The Indonesian chocolate makers Pipiltin Cocoa have launched a new addition to their collection: Ransiki 72%. The chocolate bar is made from cocoa sustainably grown in the Ransiki sub-district in the West Papua province of Indonesia and is seen as one of the pioneers for green investment in the region. Ransiki 72% is a result of collaboration between the West Papua Provincial Government, South Manokwari District Government, Pipiltin Cocoa, Cokran Farmers’ Cooperative “Eiber Suth” and Yayasan Inisiatif Dagang Hijau (YIDH, or IDH Indonesia).
This collaboration aims to ensure that cocoa is produced in a way that preserves forests, peatlands and key ecosystems in West Papua, and that commodity-based economic development focuses on the welfare of indigenous Papuans. The production model, which follows the Production, Protection, Inclusion (PPI) approach developed by IDH, can potentially be replicated across the province. In the next year, YIDH hopes to pilot the first PPI compact in South Manokwari district, scaling up the model in Ransiki.
Ransiki 72% comes from a 1,600-hectare plantation managed by the Cokran Farmers’ Cooperative “Eiber Suth” in Ransiki, South Manokwari, West Papua.
The West Papua province is home to a variety of endemic flora and fauna species, including the Vogelkop Superb Bird of Paradise (discovered in 2018 and featured in the latest series of One Planet with David Attenborough), and the Ekidna – a unique mammal resembling a long-beaked hedgehog.
Speaking at the launch of 72% Ransiki in Jakarta on 22 August, Triawan Munaf, Head of the Indonesian Creative Economy Agency, said:
“Ransiki Chocolate tells a unique story of Indonesia’s natural wealth, especially the nature of West Papua with its biodiversity. The picture of the Vogelkop Superb Bird of Paradise on the chocolate wrapper is a key message that economic activity can run in balance with conservation efforts and improving farmers’ welfare. This kind of creative economic movement about Indonesia must continue to be created and spread to the world.”
In accordance with local government plans, the Ransiki District will be developed as a center for sustainable cocoa development that is managed using inclusive green growth principles. The development of this cocoa can create alternative economic income for local people, while protecting protected forest areas.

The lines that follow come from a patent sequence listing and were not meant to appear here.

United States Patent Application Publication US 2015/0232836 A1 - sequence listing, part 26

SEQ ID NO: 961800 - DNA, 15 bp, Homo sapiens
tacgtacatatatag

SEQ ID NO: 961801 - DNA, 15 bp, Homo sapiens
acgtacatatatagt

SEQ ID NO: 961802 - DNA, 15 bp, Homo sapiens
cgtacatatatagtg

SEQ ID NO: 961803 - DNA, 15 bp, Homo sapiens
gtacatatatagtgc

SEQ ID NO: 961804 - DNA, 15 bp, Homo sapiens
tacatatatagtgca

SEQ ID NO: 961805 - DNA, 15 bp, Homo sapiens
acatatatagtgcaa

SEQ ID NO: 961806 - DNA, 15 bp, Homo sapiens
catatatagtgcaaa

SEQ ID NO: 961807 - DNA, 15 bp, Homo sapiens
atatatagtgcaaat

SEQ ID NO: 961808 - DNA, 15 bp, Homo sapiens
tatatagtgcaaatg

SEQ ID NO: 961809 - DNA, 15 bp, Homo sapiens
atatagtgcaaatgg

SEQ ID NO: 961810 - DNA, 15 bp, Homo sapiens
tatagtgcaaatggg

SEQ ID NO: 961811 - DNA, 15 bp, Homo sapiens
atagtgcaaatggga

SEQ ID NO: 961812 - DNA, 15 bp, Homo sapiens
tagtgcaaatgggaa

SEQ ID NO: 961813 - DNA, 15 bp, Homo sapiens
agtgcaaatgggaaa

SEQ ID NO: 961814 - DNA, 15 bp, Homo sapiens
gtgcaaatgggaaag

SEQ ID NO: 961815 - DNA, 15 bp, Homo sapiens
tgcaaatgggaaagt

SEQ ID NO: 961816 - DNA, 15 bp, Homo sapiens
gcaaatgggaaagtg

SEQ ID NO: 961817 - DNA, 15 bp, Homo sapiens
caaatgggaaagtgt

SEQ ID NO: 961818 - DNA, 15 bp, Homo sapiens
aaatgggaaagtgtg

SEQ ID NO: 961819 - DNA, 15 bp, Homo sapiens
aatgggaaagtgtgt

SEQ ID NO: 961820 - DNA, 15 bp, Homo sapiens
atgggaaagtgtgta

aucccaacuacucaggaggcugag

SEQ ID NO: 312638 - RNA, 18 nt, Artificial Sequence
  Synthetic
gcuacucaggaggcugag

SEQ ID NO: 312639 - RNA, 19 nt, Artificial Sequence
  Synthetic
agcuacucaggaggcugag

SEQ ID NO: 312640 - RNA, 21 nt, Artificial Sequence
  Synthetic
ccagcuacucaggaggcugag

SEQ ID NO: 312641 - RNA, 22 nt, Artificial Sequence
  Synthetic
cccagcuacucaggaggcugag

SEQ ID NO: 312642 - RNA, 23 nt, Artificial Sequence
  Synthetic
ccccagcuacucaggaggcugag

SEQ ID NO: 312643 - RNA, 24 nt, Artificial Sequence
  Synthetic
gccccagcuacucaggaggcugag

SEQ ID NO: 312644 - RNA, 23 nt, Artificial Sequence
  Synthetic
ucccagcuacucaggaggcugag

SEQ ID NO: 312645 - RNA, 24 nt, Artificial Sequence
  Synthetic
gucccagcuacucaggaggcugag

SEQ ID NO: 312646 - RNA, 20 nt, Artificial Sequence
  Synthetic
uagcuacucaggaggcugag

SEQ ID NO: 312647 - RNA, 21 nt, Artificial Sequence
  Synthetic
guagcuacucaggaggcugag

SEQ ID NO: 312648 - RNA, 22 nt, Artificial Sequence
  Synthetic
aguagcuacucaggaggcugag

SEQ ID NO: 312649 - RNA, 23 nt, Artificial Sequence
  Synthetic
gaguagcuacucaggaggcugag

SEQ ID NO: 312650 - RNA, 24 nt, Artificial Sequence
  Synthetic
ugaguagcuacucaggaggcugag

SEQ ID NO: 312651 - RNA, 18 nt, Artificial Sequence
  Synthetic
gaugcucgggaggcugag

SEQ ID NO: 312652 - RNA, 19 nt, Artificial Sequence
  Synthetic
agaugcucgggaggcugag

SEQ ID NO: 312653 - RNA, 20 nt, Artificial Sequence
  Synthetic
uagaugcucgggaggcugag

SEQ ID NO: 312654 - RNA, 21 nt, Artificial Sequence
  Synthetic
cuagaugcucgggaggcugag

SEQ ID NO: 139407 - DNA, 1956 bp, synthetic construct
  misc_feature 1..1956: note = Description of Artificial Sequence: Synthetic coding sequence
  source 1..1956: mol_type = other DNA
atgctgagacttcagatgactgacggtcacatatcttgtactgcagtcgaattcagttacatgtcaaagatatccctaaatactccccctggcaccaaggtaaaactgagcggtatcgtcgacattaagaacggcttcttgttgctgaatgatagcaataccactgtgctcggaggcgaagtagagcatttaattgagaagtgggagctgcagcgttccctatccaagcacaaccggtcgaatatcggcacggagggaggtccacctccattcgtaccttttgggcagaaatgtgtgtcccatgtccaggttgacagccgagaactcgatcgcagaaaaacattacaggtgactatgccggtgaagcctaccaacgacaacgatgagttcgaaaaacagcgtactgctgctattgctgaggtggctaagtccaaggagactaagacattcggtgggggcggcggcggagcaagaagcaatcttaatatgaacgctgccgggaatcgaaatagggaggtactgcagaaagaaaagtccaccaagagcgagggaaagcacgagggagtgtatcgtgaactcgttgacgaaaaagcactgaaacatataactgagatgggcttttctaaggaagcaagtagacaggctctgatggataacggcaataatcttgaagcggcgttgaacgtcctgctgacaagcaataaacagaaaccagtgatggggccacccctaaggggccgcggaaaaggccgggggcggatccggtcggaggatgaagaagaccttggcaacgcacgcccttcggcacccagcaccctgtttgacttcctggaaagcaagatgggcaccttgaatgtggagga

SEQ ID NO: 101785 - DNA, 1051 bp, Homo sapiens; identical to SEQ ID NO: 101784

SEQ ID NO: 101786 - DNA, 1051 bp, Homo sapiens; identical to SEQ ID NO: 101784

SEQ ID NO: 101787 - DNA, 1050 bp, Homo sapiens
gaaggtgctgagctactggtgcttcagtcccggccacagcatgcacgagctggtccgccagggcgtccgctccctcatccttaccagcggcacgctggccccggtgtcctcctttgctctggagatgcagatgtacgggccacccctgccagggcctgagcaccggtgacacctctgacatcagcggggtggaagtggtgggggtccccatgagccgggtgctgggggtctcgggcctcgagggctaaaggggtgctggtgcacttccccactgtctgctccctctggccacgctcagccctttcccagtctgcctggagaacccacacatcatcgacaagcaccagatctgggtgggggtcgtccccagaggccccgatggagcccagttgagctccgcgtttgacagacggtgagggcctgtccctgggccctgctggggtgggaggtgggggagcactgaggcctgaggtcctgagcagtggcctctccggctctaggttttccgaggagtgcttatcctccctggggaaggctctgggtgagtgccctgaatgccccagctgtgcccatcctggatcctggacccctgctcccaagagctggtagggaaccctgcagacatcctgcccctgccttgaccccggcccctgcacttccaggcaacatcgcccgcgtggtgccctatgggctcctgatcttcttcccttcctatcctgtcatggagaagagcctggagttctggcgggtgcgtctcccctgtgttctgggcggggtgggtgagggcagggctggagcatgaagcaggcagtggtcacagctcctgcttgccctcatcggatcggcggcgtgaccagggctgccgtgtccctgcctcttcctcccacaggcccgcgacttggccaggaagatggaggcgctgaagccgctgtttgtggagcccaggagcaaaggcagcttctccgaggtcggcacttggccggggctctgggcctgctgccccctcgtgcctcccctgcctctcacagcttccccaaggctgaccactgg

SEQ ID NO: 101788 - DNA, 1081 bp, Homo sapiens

“Economic activity can run in balance with conservation efforts and improving farmers’ welfare.”
Sustainable cocoa development in Ransiki is part of a series of landscape ecosystems “The Crown Jewel of Tanah Papua” that stretches from Tambrauw Regency, Arfak Mountains, South Manokwari to Bintuni Bay. This is proposed in the Provincial Strategic Area to function as a protection in the Regional Spatial Planning Plan Document of West Papua Province.
Mohamad Lakotani, Deputy Governor of West Papua, said:
“West Papua, with its rich biodiversity and culture, is a small paradise that has fallen to earth, and this can be felt in the unique chocolate flavor of Ransiki 72%.”
At least 400 Ransiki 72% chocolate bars were first introduced to the public At the Gala Dinner Conservation International in Los Angeles, United States, on 8 June 2019,
Regional development policies that prioritize the preservation of natural and cultural resources and a commitment to maintain and protect a minimum of 70% forest cover and 50% of the sea and coral reefs, has made West Papua as the First Conservation Province in the world. Leading local commodities in non-deforestation areas are the cornerstone of the development of inclusive green growth in West Papua, including cocoa plantation in Ransiki, South Manokwari which produce premium quality chocolate.
Professor Charlie D. Heatubun, Head of the Regional Research and Development Agency of West Papua Province, who coordinated the collaboration of the development of Ransiki Chocolate, said:
“Ransiki Chocolate is evidence of a change in strategy to develop regional superior commodities in West Papua through breakthroughs and innovations, in building a culture of cooperation among the parties involved.”
Before penetrating the market with unique chocolates from each region of Indonesia, Pipiltin Cocoa aim to start their business with an inclusive and sustainable value approach.
Tissa Aunilla, founder and owner of Pipiltin Cocoa, said:
“Without nature and a harmonious producing community, there will be no chocolate or other natural products that will be sustainably produced. The definition of sustainable business for us is a business that does not undermine the potential of the future, both socially, economically and environmentally.”
Fitrian Ardiansyah, Chairperson of YIDH said:
“YIDH supports a farmer-level business model that guarantees the welfare of indigenous Papuan farmers while protecting the ecosystem of the Arfak Mountains near the Ransiki cocoa plantation area. We see what Pipiltin Cocoa has done with 72% Ransiki Chocolate as one of the pioneers of market acceptance and green investment in the provinces of West Papua and Papua.”
Ransiki is now available in selected stores in Jakarta such as Pipiltin Cocoa Grand Indonesia and Sarinah Stores, KemChick Supermarket, Food Hall Supermarket and it also can be purchased online through Tokopedia.